A time capsule refers to any container specifically and intentionally filled with items to inform people of the distant future about life in the period it was made. Time capsules are intended to be revisited years later and can shed new light on the past by highlighting aspects of it that may have otherwise been forgotten. The creator of this concept is generally believed to be Thornwell Jacobs who was inspired by Egyptian tombs, themselves a sort of time capsule.
You may have done this yourself as a child, or as part of an elementary school project, filling up a shoebox with trinkets and letters and burying it in the backyard. You may even do this now, writing motivational letters to your future self and looking back to see your progress. The term can also be used more loosely, for example, to describe a home that hasn’t been decorated in the last several decades as being a time capsule of its era.
You’ll be glad to know that the idea of a time capsule is more than a cute pastime for children or a house filled with furniture from the ‘70s and there have been some very cool uses of time capsules in the past.
Some time capsules are as simple as stainless-steel container buried in the schoolyard for the following school year. Others are much, much more sophisticated.
Probably one of the most well-known time capsules, the Crypt of Civilization is an airtight container located in Oglethorpe University in Brookhaven, Georgia and was proposed by Jacobs himself. Measuring 2,000 cubic feet, the structure was built in the late 1930s and has an opening date of 8113.
It’s even certified in the Guinness Book of Records for being the first successful time capsule. Artifacts included a copy of the Bible, the original script of the movie “Gone With the Wind,” voice recordings of key historical figures, basic household appliances, and even plastic toys of Disney characters. Artifacts that were liable to degrade were specially sealed using inert gas-filled iron cases.
Directly inspired by Jacobs, the Westinghouse Time Capsules consist of two different bullet-shaped containers, one buried in 1939 and one buried in 1965. Both have an opening date of 6939. Both containers were constructed as attractions for the New York World’s Fair held on their respective years of burial. They are located in Flushing Meadows-Corona Park in Queens.
The first 1939 capsule contained items such as newsreels, a dictionary, a packet of cigarettes, and several seed varieties including sugar and rice. The items were selected to reflect 20th century life in the United States. The second capsule buried in 1965 concentrated more on artifacts with scientific merit, including a guest book of all those who came to view the capsule at the world fair.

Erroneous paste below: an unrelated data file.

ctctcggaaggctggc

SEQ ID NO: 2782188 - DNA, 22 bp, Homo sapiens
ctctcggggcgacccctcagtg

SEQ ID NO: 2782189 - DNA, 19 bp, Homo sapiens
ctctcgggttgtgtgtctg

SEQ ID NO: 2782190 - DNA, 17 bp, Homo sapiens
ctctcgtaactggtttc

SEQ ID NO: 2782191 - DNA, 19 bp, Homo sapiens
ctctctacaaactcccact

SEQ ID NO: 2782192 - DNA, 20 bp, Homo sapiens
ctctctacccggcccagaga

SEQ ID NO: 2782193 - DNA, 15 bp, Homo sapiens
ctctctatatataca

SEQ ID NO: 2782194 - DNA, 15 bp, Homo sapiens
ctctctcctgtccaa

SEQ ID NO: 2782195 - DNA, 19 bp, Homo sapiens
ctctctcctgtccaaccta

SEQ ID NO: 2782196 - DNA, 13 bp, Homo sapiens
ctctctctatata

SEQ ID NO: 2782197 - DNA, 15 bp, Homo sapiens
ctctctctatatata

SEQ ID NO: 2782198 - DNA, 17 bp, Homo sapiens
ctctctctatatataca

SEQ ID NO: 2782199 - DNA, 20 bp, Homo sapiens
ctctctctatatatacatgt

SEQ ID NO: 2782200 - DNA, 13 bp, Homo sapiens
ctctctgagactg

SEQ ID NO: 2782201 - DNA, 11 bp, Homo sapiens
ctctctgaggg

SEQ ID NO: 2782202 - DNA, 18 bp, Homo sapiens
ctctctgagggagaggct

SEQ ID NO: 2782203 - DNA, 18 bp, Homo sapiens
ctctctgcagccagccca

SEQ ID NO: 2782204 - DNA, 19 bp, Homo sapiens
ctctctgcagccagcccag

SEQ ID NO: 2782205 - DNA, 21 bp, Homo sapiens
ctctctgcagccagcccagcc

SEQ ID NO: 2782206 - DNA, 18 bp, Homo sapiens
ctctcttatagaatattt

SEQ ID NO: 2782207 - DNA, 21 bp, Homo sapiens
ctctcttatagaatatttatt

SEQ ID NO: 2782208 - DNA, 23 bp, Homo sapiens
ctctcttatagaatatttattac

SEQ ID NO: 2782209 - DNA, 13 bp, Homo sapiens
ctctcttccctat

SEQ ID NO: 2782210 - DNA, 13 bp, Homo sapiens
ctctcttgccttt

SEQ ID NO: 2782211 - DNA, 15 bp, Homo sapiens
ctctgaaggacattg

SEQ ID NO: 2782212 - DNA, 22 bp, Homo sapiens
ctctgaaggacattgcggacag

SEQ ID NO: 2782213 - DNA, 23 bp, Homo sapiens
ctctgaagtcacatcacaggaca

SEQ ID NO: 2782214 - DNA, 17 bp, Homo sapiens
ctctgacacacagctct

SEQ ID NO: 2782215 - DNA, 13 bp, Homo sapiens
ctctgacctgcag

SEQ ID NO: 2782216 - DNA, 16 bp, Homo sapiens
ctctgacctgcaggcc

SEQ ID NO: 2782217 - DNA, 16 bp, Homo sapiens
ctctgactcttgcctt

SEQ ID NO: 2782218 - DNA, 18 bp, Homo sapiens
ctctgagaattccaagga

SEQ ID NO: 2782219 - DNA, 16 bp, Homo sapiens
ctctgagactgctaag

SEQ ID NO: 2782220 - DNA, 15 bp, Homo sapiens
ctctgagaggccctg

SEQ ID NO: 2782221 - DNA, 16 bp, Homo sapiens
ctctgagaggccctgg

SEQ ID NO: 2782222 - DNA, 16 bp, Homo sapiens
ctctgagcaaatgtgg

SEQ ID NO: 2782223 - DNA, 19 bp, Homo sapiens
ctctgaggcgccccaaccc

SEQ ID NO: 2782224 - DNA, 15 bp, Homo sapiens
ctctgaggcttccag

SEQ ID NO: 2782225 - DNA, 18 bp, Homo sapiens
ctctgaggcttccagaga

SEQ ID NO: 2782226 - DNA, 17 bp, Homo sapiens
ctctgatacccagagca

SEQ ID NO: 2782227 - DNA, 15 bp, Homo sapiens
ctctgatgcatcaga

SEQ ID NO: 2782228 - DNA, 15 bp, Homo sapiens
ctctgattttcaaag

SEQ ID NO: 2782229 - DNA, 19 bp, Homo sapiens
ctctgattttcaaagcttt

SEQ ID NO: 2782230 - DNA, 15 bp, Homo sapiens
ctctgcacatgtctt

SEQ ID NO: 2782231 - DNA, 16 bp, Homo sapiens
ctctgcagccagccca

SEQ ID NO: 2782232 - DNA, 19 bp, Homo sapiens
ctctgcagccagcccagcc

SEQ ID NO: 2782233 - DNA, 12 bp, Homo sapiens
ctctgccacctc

These time capsules are “buried” in space. Included in the contents of both the Voyager spacecrafts launched in 1977, the time capsules are two phonograph records. They were designed with the intention of reaching extraterrestrial life. The Voyager 1 probe is the most remote man-made object from planet Earth. Contents include music tracks, images and sounds of the natural world, a recorded greeting titled “hello from the children of planet Earth,” and images of the planet.
If you’re not lucky enough to have ready access to an inert gas-filled iron container but want to make your own time capsule, it’s important to consider the following:
As the world becomes almost exclusively digital, we find ourselves increasingly less likely to rely on physical objects to preserve sentiment or store information. While this may mean traditional time capsules are less common, it paves the way for a digital alternative. Whether online or simply on a USB stick, content, be it as photos, music, historical records or written documents can be entered into a time capsule in their digital form.
For example, if you just want a snippet of modern life to share with your future children, then filling a shoebox with a USB of photos, print outs of Wikipedia articles and news stories, and a list of new words that will likely fall out of trend (think “lit”, “slay”) can all be fun additions. However, USBs, shoeboxes and packages can be easily lost, ruined by dampness, or start to age and discolor after a few years. USBs or other media storage devices may also run the unique risk of being incompatible with the technology of the time they are unearthed in. With that in mind, you might want to consider future-proofing your memories with a secure online folder. After all, time capsules are a fun idea, but that doesn’t mean they can’t call on serious digital solutions.
Dropbox provides cloud storage that allows you to store your files and images safely, and share them with links that can be password protected. You can even date folders to have limited access to other users, making your time capsule open date set to a certain period. Making documents digital is also easy with the doc scanner. This means that you don’t need anything more high-tech than your smartphone to ensure magazine cutouts and newspaper articles will be as legible in 20 years as they were when you first saw them.
That all depends on you! Usually, you’ll want to store photos, maybe a letter to whoever finds the time capsule with a glimpse of daily life and an explanation to everything you have included. Make the most of the digital format and consider videos, music and any other digital creative projects you’d like to share.
The world’s most famous time capsules may not be due to open for thousands of years, but your time capsule can open whenever you’d like. Here are a few ideas to inspire you:
So, if you want to make a time capsule, big or small, digital is the best way to make sure that all those memories you cherish so much are being kept as safe as possible.